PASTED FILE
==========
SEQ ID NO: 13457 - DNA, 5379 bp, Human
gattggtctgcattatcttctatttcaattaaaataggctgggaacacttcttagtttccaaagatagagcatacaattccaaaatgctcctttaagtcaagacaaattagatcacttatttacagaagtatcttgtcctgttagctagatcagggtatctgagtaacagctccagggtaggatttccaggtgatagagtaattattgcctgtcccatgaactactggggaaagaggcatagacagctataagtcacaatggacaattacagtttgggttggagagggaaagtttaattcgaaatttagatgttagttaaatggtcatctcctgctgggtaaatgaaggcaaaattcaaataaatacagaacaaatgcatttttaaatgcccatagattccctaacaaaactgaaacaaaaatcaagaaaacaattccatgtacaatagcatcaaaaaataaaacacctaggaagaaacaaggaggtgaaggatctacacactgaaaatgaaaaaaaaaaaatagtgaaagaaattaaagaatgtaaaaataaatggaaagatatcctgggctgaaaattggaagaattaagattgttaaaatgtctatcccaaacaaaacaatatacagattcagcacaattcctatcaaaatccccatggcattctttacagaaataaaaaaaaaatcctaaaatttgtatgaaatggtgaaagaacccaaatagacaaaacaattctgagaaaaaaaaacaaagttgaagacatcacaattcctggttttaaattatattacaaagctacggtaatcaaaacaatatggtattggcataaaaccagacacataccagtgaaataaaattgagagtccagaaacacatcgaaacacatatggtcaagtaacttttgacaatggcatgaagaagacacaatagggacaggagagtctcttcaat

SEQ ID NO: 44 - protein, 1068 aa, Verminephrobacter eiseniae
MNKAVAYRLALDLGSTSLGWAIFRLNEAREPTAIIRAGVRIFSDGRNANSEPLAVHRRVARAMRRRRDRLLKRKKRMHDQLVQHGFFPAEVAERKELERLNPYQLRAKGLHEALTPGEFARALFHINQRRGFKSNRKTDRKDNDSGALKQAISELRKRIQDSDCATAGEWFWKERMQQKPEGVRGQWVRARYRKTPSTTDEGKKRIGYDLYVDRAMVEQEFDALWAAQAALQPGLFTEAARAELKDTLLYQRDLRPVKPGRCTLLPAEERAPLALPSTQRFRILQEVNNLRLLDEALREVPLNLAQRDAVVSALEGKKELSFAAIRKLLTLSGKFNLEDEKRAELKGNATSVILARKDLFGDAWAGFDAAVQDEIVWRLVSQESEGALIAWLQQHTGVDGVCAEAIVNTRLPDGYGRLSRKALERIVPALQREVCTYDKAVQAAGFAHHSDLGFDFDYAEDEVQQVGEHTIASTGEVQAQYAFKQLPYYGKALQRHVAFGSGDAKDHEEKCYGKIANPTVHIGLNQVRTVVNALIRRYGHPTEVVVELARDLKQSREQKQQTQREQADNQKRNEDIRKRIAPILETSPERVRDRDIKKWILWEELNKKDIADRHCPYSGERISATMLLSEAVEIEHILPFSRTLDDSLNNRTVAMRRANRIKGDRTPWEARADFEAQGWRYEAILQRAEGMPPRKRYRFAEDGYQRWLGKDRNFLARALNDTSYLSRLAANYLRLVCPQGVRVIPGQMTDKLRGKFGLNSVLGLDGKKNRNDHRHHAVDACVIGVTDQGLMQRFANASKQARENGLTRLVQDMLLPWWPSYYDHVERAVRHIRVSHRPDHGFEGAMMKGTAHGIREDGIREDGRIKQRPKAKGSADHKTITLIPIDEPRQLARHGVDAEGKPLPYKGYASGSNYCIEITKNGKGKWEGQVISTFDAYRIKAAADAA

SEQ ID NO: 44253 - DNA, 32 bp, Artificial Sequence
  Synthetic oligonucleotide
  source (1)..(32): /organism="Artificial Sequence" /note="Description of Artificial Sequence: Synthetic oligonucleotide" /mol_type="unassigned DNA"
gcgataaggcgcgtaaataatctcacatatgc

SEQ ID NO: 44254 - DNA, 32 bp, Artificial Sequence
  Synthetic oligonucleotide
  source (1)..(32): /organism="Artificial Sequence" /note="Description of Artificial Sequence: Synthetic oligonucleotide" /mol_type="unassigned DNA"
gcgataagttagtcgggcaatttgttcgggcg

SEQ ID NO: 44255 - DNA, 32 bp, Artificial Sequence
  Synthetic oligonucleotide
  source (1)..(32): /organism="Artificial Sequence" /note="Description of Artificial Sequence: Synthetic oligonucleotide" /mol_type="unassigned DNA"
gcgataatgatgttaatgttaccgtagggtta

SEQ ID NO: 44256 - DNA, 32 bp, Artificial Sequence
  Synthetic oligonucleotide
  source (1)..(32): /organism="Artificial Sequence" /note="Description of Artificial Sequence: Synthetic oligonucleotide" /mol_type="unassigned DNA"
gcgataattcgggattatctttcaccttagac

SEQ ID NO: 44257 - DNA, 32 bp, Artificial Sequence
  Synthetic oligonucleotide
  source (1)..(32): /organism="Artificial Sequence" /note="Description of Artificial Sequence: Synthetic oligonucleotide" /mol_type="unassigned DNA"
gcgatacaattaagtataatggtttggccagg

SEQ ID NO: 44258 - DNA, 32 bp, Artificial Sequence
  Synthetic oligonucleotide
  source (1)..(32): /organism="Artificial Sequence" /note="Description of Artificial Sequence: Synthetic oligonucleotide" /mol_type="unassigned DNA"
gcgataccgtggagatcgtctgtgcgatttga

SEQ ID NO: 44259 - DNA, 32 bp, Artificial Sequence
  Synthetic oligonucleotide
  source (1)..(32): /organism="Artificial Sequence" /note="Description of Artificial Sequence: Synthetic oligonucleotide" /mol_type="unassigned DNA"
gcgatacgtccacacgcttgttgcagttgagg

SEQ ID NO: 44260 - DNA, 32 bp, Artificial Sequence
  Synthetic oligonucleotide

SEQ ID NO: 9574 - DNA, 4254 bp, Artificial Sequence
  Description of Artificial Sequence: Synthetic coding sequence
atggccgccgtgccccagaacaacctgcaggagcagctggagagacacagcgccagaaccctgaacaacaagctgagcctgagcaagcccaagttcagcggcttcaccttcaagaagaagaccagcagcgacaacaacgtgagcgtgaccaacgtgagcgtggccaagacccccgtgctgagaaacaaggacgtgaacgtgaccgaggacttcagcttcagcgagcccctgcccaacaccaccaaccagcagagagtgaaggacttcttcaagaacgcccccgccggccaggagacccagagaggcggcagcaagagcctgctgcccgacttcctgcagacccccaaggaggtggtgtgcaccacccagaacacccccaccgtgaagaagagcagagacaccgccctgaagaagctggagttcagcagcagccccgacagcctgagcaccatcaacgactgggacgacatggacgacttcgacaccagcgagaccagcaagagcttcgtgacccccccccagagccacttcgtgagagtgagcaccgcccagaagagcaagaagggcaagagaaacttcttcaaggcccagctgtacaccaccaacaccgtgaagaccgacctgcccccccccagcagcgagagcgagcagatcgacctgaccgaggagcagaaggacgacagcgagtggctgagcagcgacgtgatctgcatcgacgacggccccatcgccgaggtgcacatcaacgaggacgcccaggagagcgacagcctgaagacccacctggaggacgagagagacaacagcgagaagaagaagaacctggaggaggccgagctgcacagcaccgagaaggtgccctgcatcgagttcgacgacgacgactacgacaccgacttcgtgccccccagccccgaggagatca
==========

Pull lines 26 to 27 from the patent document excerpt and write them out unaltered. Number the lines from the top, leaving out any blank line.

  Synthetic oligonucleotide
  source (1)..(32): /organism="Artificial Sequence" /note="Description of Artificial Sequence: Synthetic oligonucleotide" /mol_type="unassigned DNA"